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Re: preamps



At 08:59 AM 8/31/2008, you wrote:


>A recent post mentioned the need for a preamp.  This reminded me of 
>something I want to share with the group.
>
>Station here consists of an FT-817ND and an FT-857D.  The 817 is 
>pretty sensitive on UHF, but the 857 is a little lacking in comparison.
>
>I was looking for a preamp online that would help, especially with 
>the 857.  I went and ordered a Ramsey PR40.  I figured for $15 I 
>couldnt go wrong.  Although its not a GaAs device, (its a bipolar), 
>it works pretty well.  I actually didnt want a GaAs because I was 
>afraid of blowing the device anyway, being I'm running a homebrew 
>"Arrow style" antenna on a fixed elevation mast, and the 144 MHz 
>leakage getting into the preamp would probably blow the device the 
>first time I keyed.
>
>I am not using any TR switching on the preamp. (I only work the FM 
>birds at this time).
>
>After building the kit, I put it up, worked a pass on AO-27, then 
>goofed and sent 432 TX energy up the line, blew the amp.  I ordered 
>replacement transistors from MCM for $.52 each!
>
>Although I cannot measure noise figure, it specs at 1dB, 15 dB 
>gain.  I know it makes a HUGE difference on my end.  Satellites that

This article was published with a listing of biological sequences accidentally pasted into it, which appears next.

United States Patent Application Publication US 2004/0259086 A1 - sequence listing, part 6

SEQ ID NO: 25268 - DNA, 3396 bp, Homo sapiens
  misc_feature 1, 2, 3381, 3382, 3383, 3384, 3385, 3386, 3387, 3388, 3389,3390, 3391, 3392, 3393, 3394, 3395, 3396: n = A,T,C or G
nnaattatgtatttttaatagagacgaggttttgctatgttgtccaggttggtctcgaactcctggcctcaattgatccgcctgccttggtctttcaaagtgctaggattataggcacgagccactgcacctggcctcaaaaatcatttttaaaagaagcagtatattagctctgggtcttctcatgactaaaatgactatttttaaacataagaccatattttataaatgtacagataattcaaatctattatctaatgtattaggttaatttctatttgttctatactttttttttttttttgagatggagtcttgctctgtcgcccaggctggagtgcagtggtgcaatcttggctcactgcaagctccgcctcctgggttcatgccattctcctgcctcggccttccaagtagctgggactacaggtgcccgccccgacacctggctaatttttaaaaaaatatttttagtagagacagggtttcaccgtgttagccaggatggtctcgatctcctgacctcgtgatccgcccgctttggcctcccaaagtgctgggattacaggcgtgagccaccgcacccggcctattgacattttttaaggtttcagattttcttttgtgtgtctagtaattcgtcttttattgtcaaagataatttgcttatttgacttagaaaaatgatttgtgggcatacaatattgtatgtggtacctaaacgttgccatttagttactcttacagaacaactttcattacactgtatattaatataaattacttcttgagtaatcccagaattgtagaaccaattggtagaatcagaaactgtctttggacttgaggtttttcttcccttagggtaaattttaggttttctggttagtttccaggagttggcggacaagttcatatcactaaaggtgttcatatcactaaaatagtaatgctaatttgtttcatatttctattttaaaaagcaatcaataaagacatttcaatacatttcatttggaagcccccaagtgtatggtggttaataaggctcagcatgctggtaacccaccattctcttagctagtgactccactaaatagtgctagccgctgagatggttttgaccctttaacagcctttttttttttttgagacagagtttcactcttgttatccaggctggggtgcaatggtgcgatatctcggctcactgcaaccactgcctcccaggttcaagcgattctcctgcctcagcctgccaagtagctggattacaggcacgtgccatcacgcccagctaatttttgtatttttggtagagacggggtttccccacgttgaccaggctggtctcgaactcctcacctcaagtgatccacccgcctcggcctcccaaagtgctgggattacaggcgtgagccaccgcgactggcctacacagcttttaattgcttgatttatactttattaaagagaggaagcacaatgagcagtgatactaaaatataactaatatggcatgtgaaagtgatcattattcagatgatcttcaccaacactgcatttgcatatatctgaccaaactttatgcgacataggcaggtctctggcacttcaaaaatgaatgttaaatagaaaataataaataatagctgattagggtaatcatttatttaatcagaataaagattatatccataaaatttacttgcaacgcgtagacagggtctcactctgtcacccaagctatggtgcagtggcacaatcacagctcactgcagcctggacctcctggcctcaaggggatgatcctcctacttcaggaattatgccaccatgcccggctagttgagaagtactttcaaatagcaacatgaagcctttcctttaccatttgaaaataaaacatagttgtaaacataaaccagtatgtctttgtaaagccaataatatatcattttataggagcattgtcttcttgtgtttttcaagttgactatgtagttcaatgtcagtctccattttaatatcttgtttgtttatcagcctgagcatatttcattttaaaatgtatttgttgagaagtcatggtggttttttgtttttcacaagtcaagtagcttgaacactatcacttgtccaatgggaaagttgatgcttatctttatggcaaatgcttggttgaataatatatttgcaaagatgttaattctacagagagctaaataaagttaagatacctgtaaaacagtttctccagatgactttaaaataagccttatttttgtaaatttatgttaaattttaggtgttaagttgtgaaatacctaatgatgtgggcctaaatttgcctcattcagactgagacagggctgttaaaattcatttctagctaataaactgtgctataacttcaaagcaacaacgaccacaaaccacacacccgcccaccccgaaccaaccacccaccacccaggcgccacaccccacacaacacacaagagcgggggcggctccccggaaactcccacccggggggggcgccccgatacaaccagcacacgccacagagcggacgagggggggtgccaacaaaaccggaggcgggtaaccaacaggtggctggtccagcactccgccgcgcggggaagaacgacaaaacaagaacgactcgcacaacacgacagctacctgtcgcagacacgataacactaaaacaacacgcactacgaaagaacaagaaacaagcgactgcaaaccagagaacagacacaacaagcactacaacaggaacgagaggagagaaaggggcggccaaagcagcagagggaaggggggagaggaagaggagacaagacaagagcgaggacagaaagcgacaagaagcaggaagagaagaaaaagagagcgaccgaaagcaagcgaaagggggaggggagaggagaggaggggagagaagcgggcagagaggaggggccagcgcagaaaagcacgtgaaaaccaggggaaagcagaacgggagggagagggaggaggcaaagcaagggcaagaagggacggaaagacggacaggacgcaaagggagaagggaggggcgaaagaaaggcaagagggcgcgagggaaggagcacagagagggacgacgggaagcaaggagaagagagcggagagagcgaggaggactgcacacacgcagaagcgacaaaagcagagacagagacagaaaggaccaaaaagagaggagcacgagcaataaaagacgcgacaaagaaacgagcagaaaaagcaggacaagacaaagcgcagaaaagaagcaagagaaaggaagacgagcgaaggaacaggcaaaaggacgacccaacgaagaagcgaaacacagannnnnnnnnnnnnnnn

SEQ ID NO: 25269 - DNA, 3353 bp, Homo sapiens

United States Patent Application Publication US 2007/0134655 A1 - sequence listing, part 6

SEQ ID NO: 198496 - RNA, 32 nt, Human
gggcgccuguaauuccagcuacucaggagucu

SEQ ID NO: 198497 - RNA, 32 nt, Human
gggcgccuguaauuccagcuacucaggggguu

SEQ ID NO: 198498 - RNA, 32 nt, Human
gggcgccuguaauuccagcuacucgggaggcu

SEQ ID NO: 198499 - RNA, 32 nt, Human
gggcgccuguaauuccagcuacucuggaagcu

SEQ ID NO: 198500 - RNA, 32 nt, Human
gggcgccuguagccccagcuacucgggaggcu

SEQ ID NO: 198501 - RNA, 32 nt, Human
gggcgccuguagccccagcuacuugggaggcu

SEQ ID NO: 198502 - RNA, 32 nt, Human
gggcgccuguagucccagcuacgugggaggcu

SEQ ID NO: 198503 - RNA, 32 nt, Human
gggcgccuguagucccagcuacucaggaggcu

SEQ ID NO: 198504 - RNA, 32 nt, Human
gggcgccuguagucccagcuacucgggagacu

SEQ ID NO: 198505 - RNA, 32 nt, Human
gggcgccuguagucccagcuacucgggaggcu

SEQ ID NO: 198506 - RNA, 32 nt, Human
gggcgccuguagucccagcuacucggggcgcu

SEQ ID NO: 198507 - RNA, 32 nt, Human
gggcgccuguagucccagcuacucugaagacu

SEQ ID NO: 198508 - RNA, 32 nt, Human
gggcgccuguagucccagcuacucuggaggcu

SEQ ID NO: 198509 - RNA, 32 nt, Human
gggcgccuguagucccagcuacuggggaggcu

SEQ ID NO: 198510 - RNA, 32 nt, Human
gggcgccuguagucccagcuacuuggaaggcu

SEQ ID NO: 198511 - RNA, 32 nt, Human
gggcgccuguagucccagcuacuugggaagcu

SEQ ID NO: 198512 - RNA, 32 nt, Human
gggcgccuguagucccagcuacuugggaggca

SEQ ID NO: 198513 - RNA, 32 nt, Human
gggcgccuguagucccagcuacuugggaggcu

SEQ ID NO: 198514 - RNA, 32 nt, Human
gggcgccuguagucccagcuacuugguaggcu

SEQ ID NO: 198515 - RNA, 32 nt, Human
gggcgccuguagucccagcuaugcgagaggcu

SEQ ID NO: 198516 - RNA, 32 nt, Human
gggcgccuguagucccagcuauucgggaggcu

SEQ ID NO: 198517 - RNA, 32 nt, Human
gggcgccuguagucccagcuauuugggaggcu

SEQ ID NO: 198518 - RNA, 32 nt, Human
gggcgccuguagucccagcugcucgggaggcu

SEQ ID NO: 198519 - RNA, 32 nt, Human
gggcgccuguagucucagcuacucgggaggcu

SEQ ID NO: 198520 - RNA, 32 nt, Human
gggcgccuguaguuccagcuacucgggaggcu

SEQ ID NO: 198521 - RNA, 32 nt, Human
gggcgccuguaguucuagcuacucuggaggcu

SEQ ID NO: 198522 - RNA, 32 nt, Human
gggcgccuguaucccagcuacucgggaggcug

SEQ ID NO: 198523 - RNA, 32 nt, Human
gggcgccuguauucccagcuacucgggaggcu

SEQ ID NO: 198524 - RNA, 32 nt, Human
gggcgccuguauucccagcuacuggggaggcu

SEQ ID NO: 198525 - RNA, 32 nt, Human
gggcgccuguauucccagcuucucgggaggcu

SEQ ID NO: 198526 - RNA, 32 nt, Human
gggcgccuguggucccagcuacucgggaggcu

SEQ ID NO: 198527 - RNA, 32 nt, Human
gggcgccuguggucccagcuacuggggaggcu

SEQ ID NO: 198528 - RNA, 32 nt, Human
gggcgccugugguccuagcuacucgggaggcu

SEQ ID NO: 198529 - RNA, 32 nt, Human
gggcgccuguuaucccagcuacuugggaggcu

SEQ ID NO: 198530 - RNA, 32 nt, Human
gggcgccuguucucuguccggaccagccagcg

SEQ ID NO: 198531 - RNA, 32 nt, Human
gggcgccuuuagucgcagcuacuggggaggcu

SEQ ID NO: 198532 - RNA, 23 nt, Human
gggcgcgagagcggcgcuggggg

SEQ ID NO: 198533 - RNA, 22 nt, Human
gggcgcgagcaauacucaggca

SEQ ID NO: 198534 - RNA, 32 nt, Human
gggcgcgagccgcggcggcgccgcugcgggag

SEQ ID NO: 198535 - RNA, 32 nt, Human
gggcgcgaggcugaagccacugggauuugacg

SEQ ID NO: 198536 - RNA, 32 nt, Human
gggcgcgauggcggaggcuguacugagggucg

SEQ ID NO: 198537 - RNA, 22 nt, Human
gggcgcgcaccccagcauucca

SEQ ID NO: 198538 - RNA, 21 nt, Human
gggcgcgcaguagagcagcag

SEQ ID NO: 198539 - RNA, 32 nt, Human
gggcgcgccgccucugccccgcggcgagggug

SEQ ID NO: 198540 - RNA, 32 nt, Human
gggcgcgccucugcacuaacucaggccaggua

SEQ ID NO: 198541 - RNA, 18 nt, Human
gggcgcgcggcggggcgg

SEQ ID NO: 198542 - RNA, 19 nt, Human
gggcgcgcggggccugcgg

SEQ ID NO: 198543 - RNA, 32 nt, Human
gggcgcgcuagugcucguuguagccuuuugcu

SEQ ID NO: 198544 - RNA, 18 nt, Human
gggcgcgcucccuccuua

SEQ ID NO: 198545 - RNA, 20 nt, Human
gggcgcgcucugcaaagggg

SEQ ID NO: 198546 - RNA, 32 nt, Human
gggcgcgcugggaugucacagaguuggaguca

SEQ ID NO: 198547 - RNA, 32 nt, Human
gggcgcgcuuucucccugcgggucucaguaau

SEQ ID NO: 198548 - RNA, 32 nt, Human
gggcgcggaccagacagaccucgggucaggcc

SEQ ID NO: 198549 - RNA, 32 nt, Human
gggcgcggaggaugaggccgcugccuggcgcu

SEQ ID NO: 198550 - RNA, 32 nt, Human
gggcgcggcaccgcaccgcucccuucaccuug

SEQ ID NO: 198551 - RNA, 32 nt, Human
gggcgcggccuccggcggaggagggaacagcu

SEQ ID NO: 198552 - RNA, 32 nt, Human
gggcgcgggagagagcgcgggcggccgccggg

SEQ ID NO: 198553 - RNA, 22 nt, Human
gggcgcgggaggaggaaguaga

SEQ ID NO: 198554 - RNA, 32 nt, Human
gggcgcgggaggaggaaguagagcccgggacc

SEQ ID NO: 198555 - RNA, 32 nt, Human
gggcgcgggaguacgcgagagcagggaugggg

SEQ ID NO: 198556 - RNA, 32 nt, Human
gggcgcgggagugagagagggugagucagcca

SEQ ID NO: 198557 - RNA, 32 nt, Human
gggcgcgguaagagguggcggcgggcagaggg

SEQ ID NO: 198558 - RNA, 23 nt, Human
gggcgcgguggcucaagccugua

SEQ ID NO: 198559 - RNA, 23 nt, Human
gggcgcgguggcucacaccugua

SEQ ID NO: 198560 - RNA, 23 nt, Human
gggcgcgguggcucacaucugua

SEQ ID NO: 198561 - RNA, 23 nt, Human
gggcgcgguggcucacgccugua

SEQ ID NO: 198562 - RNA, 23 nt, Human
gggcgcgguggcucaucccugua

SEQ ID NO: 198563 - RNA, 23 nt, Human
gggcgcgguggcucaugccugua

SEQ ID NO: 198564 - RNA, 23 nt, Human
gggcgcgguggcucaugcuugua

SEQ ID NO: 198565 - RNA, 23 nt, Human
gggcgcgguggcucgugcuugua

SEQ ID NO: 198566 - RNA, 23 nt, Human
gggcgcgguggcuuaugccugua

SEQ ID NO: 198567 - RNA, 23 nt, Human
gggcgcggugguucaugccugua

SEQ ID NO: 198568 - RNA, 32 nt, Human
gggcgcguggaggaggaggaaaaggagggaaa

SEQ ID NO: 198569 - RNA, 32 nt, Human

>were noisy before are now full quieting and armchair copy
>
>I have found this item a very cost effective solution.  I wanted to 
>share this experience with the group.  I'm just pleased with the 
>preamp and of course, receive no personal gain by recommending this product.
>
>  Michael Heim
>ARS KD0AR
>_______________________________________________

Michael has discovered what many of us have been preaching for many 
years.  Preamps at the antenna makes a world of difference in what you hear.

But he also discovered how most preamps are blown.  Its not from 
leakage via the antenna but from transmitting on the coax going from 
the radio to the preamp.

Solutions:
    * Use coax relays to bypass around the preamp. (I am doing this 
for 222 and 432 terrestrial antennas/preamps)
    * Purchase a preamp designed for a transceiver (usually rated for 
certain maximum power levels such as 25w or 160w, etc.).
    * Modify the radio so the receiver has a separate antenna 
connector.  (I have this done on my FT-847)
    * Use of protective devices that absorb transmit power (up to 
50w, usually) and only reduce preamp gain a little bit.
So one should not be afraid to use Gasfet preamps.  They are not 
usually blown by signals entering the input side.  However, If you 
are in high lightning country you should provide for shorting the 
antenna input to the preamp to avoid HV static discharge.

Always locate the preamp close to the antenna to avoid cable losses 
in between the antenna and preamp that directly add to the noise 
figure.  Use low-loss coax in that jumper.  Coax from the preamp 
output to the radio may be low cost coax since the preamp gain will 
usually overcome these losses.

Thanks for your experience, Michael.




*****************************************************
73, Ed - KL7UW              BP40iq, 6m - 3cm
144-EME: FT-847, mgf-1801, 4x-xp20, 185w
http://www.kl7uw.com     AK VHF-Up Group
NA Rep. for DUBUS: dubususa@hotmail.com
***************************************************** 
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